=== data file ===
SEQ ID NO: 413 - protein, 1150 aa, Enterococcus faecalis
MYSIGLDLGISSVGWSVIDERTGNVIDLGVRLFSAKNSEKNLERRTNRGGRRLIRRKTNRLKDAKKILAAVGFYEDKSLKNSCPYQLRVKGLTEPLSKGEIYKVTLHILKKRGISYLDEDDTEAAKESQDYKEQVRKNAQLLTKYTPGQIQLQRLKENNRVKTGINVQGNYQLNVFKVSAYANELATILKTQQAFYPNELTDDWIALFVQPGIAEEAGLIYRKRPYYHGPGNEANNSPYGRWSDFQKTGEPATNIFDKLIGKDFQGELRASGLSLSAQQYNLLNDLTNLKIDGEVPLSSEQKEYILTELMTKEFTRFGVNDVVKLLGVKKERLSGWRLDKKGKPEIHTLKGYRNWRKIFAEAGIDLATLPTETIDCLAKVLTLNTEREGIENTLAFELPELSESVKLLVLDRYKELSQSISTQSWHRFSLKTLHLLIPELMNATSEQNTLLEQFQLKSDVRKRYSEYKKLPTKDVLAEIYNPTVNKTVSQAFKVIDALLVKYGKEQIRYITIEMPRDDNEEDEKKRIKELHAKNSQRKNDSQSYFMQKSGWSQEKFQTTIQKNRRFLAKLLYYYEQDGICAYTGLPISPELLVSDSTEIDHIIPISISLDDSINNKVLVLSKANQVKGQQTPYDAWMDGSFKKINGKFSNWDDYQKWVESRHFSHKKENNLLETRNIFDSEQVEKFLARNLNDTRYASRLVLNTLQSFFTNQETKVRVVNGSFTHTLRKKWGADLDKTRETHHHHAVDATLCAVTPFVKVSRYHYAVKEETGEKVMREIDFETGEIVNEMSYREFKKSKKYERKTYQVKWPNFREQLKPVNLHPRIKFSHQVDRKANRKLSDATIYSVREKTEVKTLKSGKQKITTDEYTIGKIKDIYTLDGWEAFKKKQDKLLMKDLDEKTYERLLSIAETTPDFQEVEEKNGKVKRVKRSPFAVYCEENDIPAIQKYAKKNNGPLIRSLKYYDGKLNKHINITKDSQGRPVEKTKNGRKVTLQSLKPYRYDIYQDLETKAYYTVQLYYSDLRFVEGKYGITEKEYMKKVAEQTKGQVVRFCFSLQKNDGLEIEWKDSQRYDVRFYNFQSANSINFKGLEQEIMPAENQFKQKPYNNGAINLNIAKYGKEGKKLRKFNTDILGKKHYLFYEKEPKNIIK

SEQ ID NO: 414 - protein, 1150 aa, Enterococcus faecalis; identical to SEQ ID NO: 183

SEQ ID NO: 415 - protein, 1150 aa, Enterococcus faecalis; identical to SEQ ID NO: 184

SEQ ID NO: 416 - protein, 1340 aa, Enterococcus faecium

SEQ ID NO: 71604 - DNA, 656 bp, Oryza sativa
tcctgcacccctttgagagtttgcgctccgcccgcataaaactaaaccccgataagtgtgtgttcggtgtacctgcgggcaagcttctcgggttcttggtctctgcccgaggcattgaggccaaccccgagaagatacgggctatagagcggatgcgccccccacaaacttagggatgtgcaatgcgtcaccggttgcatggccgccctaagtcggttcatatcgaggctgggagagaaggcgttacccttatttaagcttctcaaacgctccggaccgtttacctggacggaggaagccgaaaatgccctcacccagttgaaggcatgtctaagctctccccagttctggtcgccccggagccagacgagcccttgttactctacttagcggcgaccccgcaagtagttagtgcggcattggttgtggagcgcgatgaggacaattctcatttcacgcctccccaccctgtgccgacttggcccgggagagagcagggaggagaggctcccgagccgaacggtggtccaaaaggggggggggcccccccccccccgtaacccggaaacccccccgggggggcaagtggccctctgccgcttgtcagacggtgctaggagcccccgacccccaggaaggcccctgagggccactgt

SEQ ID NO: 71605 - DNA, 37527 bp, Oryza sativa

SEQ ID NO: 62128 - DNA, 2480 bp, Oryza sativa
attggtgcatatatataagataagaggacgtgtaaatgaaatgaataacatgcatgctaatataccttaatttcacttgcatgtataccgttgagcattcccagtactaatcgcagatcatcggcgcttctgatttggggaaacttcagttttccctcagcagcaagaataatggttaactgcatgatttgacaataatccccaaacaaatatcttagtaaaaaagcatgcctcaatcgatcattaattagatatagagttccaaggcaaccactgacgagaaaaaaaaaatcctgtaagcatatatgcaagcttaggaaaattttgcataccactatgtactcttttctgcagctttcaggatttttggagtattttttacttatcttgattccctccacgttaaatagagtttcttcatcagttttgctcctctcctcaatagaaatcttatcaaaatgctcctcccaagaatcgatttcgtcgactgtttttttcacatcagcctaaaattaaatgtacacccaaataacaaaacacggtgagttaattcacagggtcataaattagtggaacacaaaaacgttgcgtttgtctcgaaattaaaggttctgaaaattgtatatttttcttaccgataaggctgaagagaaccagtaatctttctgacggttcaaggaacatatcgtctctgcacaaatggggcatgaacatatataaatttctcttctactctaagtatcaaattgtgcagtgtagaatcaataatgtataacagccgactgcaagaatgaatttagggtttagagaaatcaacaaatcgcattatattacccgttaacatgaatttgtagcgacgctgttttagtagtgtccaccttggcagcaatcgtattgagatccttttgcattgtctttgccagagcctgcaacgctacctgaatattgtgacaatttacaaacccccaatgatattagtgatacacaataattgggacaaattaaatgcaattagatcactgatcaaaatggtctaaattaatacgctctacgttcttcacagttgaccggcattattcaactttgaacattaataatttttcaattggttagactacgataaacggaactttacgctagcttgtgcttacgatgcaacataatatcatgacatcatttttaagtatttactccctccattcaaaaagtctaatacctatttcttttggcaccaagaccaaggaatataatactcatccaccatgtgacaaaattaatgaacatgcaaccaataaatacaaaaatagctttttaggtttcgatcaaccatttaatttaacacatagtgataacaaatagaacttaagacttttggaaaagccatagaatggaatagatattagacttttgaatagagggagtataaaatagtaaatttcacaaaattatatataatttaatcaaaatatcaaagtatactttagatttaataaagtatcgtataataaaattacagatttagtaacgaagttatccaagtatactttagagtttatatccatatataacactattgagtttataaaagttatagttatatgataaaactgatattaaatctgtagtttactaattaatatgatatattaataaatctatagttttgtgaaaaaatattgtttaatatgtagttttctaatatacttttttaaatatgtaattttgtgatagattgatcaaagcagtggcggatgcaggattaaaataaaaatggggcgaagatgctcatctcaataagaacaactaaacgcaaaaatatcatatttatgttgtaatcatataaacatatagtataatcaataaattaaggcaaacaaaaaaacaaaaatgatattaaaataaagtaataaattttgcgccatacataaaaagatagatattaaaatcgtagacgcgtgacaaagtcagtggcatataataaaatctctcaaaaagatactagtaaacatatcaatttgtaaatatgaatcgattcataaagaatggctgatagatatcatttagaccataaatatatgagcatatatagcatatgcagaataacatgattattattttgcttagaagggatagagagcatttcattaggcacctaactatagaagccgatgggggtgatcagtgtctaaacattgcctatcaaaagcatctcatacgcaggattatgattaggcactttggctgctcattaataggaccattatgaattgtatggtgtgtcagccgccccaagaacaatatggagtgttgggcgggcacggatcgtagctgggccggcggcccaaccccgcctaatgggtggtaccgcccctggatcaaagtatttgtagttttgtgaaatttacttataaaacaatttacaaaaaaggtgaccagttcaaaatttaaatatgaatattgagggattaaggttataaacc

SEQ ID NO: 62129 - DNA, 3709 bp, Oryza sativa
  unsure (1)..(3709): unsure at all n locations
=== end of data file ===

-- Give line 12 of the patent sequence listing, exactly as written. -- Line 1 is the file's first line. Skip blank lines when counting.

  unsure (1)..(3709): unsure at all n locations